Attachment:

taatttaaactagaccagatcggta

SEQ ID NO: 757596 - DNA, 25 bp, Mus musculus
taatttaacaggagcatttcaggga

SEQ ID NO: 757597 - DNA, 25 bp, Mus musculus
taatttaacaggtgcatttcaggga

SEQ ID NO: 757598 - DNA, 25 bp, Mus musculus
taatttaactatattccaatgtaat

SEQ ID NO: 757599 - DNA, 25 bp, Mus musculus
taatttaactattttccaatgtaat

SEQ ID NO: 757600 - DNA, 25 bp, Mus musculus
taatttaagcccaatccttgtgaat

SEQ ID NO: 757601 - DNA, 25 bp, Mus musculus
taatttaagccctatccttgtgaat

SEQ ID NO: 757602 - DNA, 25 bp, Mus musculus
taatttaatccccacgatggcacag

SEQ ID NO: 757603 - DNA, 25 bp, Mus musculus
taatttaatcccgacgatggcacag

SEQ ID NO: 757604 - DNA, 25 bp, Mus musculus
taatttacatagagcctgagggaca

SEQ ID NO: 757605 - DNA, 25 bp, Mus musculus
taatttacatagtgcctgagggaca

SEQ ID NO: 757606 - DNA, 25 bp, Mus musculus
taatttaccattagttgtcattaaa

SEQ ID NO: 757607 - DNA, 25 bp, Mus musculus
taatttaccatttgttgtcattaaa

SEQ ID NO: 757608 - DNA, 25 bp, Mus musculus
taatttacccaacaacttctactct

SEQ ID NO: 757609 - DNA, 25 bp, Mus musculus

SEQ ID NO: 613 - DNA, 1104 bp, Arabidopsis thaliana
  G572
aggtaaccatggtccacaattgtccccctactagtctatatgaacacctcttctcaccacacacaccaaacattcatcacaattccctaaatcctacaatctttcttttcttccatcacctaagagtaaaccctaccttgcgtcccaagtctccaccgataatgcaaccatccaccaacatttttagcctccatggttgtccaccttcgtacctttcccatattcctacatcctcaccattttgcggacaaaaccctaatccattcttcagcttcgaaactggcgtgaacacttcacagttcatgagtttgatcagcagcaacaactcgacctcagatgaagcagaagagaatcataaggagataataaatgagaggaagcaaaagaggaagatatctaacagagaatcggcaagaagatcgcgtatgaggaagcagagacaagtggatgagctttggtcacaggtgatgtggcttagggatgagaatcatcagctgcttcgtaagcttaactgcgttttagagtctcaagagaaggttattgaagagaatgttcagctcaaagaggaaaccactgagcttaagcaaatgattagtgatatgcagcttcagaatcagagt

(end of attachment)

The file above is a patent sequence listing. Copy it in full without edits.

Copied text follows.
taatttaaactagaccagatcggta

SEQ ID NO: 757596 - DNA, 25 bp, Mus musculus
taatttaacaggagcatttcaggga

SEQ ID NO: 757597 - DNA, 25 bp, Mus musculus
taatttaacaggtgcatttcaggga

SEQ ID NO: 757598 - DNA, 25 bp, Mus musculus
taatttaactatattccaatgtaat

SEQ ID NO: 757599 - DNA, 25 bp, Mus musculus
taatttaactattttccaatgtaat

SEQ ID NO: 757600 - DNA, 25 bp, Mus musculus
taatttaagcccaatccttgtgaat

SEQ ID NO: 757601 - DNA, 25 bp, Mus musculus
taatttaagccctatccttgtgaat

SEQ ID NO: 757602 - DNA, 25 bp, Mus musculus
taatttaatccccacgatggcacag

SEQ ID NO: 757603 - DNA, 25 bp, Mus musculus
taatttaatcccgacgatggcacag

SEQ ID NO: 757604 - DNA, 25 bp, Mus musculus
taatttacatagagcctgagggaca

SEQ ID NO: 757605 - DNA, 25 bp, Mus musculus
taatttacatagtgcctgagggaca

SEQ ID NO: 757606 - DNA, 25 bp, Mus musculus
taatttaccattagttgtcattaaa

SEQ ID NO: 757607 - DNA, 25 bp, Mus musculus
taatttaccatttgttgtcattaaa

SEQ ID NO: 757608 - DNA, 25 bp, Mus musculus
taatttacccaacaacttctactct

SEQ ID NO: 757609 - DNA, 25 bp, Mus musculus

SEQ ID NO: 613 - DNA, 1104 bp, Arabidopsis thaliana
  G572
aggtaaccatggtccacaattgtccccctactagtctatatgaacacctcttctcaccacacacaccaaacattcatcacaattccctaaatcctacaatctttcttttcttccatcacctaagagtaaaccctaccttgcgtcccaagtctccaccgataatgcaaccatccaccaacatttttagcctccatggttgtccaccttcgtacctttcccatattcctacatcctcaccattttgcggacaaaaccctaatccattcttcagcttcgaaactggcgtgaacacttcacagttcatgagtttgatcagcagcaacaactcgacctcagatgaagcagaagagaatcataaggagataataaatgagaggaagcaaaagaggaagatatctaacagagaatcggcaagaagatcgcgtatgaggaagcagagacaagtggatgagctttggtcacaggtgatgtggcttagggatgagaatcatcagctgcttcgtaagcttaactgcgttttagagtctcaagagaaggttattgaagagaatgttcagctcaaagaggaaaccactgagcttaagcaaatgattagtgatatgcagcttcagaatcagagt